A severe weather warning has been issued as the UK prepares for more heavy snow and the coldest March weekend for half a century.
The Met Office has issued severe weather warnings for the East Midlands, North West England, Northern Ireland, South West Scotland, Lothian Borders, South West England, Wales and the West Midlands.
It has also issued a level three cold weather alert, saying there is a 90 percent probability of severe cold weather, icy conditions and heavy snow in parts of the country.
The Met Office says it expects rain, snow, wind, fog and ice to affect many parts of the UK over the coming days.
Up to a foot of snow and blizzard conditions are expected in areas of higher ground. The public, it says, should be prepared for localised flooding and disruption to travel.
Leon Brown, chief meteorologist at weather.com, said Atlantic fronts moving north east will bring severe weather over the next two days: "Heavy snowfalls for central and north west Britain and the snow spreading to the south by Saturday.
"This weekend will be one of the coldest in many years with temperatures struggling to lift above zero and a significant windchill."
He said snow will be particularly severe in north east Ireland and North Wales.
"On Friday night to Saturday morning the snow will begin to spread back south and westwards. By Saturday morning snow is likely in a wide band across Britain with moderate or even heavy snow in central areas.
"By mid-morning on Saturday we could see as much as 20 to 40cm over the higher parts of the Pennines, Welsh Mountains and high ground in north east Ireland. However, even over the Midlands to south east England three to eight centimetres is possible, with 10 to 15cm over the central to North Midlands."
Brown said it will remain "bitterly cold" across much of central and the north of the UK into Sunday.
At present, around 18,000 homes in Northern Ireland are without power due to the severe weather.
Overnight, flooding in the south west left a number of roads closed. A road partially collapsed in Ashburton and there was a landslide at Shaldon and Kingskerswell. Another 40 to 60mm of rain is expected to fall by the end of Friday.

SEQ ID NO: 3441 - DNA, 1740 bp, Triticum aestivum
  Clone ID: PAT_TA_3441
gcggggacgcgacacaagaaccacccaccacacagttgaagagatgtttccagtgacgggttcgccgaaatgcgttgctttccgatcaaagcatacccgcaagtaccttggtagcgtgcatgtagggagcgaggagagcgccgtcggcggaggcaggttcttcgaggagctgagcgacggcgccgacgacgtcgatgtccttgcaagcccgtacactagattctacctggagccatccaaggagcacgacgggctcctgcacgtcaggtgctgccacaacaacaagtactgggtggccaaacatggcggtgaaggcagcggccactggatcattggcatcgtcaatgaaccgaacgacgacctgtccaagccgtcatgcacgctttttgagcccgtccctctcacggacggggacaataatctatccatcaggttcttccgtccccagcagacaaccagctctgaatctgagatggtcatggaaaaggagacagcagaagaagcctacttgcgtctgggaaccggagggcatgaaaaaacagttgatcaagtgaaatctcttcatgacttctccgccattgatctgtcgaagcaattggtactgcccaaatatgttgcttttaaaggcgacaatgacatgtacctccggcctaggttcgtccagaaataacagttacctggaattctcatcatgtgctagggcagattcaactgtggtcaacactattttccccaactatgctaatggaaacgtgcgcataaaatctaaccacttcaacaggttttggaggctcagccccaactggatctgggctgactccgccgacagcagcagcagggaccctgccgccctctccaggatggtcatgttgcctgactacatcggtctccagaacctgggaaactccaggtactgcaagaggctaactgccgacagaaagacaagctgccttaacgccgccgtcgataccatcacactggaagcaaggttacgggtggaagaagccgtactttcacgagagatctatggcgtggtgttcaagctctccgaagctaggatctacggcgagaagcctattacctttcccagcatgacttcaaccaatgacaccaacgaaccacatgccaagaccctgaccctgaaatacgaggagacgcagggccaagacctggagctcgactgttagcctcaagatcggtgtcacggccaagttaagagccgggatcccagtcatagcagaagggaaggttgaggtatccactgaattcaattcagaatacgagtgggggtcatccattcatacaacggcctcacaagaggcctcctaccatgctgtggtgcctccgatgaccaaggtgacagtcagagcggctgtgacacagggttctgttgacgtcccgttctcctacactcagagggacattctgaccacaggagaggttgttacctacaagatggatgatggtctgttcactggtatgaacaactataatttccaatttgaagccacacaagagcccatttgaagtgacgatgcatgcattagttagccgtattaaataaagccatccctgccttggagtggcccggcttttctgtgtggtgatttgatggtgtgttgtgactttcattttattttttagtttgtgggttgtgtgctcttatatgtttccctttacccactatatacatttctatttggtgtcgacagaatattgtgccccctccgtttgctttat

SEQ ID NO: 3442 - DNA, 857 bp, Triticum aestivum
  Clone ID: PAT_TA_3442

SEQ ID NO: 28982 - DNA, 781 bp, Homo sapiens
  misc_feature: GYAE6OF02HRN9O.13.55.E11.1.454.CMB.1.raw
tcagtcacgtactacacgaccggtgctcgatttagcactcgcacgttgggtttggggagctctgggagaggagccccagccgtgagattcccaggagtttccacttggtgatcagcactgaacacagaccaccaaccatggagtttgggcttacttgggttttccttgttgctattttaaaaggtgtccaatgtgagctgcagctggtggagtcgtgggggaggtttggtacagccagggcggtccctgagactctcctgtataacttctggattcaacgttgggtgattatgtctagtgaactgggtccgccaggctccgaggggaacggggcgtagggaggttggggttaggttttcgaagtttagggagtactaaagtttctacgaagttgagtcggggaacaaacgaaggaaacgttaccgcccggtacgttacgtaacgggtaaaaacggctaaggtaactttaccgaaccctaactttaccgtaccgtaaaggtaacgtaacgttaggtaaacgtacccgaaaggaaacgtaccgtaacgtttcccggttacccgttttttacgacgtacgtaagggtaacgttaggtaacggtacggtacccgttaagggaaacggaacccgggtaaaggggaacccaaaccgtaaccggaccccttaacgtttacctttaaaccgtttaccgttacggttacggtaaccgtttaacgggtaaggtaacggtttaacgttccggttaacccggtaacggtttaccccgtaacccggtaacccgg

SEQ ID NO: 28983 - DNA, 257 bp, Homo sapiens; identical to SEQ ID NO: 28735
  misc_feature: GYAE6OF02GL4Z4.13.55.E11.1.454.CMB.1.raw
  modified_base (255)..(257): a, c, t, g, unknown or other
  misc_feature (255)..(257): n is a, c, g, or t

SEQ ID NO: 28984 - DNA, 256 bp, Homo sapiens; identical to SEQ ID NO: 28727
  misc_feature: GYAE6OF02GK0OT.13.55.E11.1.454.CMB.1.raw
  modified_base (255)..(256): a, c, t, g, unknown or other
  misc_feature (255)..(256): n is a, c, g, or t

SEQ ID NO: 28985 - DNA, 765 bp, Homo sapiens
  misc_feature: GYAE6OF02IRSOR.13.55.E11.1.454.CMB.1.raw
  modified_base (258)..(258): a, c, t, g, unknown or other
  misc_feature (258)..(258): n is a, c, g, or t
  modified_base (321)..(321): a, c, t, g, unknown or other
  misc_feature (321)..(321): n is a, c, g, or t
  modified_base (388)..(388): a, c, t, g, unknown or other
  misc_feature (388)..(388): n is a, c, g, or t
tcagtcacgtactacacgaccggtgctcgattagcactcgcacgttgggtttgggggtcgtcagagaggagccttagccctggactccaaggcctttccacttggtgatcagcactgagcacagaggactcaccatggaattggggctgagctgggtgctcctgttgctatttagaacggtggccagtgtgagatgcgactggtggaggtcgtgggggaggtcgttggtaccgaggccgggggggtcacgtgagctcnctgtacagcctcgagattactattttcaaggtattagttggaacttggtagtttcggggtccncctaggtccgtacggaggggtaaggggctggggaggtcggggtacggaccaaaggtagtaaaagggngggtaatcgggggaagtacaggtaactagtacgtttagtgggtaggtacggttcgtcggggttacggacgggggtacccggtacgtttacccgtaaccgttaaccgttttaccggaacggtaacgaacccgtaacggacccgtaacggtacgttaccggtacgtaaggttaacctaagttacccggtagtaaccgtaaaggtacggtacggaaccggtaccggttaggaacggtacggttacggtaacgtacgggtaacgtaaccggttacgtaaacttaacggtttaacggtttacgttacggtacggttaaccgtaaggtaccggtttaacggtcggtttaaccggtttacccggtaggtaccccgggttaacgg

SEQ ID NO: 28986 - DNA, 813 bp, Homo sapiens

At present, the Environment Agency has 15 flood warnings and 40 flood alerts in place in the south west. Floods have also affected Cork in Ireland.
Devon and Cornwall Police warned motorists not to drive in the flood water as people will not know how deep it is or if the surface has been damaged.
The AA also urged drivers to take care on the roads over the weekend. Darron Burness, the AA's head of Special Operations, says: "It's going to be a real witch's brew of driving wind, rain and snow, which will inevitably cause disruption on the roads. Drivers should be well prepared as even short journeys can quickly turn bad.
"Drifting snow could repeat the scenes we saw in southern England last week when hundreds of drivers got stuck overnight - it only takes one or two vehicles struggling for grip for the situation to quickly escalate.
"Keep your speed down as visibility could be seriously reduced and there's a risk of localised flooding - just stay out of flood water. Also with temperatures set to remain low, any snow that settles will likely persist for several days, so be wary of icy patches.
"Wherever you're going, take plenty of warm layers, check the travel reports before heading out and stick to the main roads where possible."